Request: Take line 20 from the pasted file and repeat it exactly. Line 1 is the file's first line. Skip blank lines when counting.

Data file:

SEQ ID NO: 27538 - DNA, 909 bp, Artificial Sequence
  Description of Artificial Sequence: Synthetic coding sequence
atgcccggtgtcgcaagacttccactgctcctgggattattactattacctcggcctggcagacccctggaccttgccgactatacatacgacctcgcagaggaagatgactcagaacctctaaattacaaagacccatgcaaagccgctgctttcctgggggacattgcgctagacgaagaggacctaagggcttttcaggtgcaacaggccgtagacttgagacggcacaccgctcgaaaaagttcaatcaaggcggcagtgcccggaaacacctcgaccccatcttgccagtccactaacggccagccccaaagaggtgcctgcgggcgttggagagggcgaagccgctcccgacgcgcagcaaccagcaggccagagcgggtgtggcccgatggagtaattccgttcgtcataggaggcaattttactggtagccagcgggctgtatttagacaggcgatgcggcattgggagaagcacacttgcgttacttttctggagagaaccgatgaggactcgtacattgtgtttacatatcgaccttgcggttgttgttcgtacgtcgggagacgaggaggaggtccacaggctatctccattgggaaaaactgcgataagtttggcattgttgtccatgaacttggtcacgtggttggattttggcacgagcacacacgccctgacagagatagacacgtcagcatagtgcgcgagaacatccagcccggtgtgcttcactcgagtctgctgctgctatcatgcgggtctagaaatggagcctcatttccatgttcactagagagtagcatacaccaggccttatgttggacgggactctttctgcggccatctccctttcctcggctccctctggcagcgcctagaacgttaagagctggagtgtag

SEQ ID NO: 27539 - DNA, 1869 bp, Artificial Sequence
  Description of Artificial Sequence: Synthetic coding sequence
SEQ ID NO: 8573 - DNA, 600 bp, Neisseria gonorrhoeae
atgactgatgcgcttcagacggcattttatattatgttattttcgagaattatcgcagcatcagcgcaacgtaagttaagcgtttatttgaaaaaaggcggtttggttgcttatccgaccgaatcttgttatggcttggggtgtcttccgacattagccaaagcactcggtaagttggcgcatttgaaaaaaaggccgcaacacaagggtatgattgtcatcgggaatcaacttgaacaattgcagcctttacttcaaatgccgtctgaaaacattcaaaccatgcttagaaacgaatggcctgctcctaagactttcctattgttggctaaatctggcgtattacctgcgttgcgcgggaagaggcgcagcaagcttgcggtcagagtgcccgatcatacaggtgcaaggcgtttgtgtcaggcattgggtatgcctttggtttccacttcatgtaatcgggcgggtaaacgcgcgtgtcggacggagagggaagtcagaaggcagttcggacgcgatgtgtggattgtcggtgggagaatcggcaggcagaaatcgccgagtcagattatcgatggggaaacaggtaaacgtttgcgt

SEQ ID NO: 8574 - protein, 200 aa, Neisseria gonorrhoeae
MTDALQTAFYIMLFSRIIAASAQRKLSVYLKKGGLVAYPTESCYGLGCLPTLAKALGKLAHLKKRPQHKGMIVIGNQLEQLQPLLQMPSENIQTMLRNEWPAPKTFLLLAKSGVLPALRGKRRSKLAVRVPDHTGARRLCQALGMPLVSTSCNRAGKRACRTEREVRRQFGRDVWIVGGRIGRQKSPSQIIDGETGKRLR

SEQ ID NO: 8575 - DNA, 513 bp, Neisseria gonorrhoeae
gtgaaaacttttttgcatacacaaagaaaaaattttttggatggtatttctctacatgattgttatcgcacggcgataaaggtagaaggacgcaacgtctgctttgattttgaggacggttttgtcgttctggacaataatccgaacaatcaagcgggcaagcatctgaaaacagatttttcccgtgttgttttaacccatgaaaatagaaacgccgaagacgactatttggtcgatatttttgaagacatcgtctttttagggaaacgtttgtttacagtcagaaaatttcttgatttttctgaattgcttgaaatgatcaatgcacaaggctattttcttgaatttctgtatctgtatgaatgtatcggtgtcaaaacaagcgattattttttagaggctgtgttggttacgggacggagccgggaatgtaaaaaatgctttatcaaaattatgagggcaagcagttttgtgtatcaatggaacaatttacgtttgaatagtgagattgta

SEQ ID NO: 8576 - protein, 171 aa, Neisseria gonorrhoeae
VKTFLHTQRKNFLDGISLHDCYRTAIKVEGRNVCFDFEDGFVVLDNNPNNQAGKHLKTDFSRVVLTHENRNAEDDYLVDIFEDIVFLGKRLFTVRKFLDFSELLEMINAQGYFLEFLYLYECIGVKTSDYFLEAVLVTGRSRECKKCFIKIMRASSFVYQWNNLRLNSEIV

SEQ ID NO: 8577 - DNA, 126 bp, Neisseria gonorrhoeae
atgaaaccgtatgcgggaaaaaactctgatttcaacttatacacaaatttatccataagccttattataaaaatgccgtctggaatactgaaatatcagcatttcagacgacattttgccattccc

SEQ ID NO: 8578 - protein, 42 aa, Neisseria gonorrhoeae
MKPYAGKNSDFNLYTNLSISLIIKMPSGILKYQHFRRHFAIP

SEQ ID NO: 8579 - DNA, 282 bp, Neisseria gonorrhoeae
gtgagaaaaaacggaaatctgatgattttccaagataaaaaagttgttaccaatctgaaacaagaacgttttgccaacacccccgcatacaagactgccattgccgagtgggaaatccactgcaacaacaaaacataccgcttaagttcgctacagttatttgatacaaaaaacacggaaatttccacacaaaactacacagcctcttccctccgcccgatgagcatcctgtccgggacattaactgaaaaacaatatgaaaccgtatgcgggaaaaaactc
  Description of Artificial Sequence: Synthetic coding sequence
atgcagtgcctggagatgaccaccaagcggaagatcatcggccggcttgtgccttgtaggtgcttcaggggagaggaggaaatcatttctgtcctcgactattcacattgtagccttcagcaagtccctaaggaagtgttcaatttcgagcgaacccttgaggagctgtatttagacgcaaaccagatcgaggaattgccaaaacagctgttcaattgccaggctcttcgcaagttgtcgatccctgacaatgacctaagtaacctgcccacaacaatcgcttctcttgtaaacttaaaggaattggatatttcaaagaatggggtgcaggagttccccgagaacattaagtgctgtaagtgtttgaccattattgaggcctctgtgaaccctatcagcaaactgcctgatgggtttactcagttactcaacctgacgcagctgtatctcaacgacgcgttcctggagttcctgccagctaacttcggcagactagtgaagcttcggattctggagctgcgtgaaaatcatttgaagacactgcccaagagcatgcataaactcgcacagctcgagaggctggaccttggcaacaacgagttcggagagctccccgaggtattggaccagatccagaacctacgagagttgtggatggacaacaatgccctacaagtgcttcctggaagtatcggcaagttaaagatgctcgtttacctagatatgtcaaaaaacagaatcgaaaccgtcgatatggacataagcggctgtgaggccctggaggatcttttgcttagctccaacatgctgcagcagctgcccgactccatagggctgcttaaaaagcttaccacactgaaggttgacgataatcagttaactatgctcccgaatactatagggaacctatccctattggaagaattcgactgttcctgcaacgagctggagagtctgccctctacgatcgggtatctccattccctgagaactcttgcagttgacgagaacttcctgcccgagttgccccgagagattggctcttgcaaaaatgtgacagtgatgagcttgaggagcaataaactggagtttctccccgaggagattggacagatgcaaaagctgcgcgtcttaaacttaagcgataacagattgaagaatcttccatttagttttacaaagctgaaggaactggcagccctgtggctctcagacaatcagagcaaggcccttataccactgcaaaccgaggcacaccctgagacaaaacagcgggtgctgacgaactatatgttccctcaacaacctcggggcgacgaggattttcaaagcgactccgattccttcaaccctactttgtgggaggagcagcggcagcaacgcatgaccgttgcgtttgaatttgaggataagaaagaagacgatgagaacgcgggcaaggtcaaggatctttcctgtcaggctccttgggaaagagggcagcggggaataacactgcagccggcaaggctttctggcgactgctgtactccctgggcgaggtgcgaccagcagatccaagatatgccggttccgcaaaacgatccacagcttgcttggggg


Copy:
  Description of Artificial Sequence: Synthetic coding sequence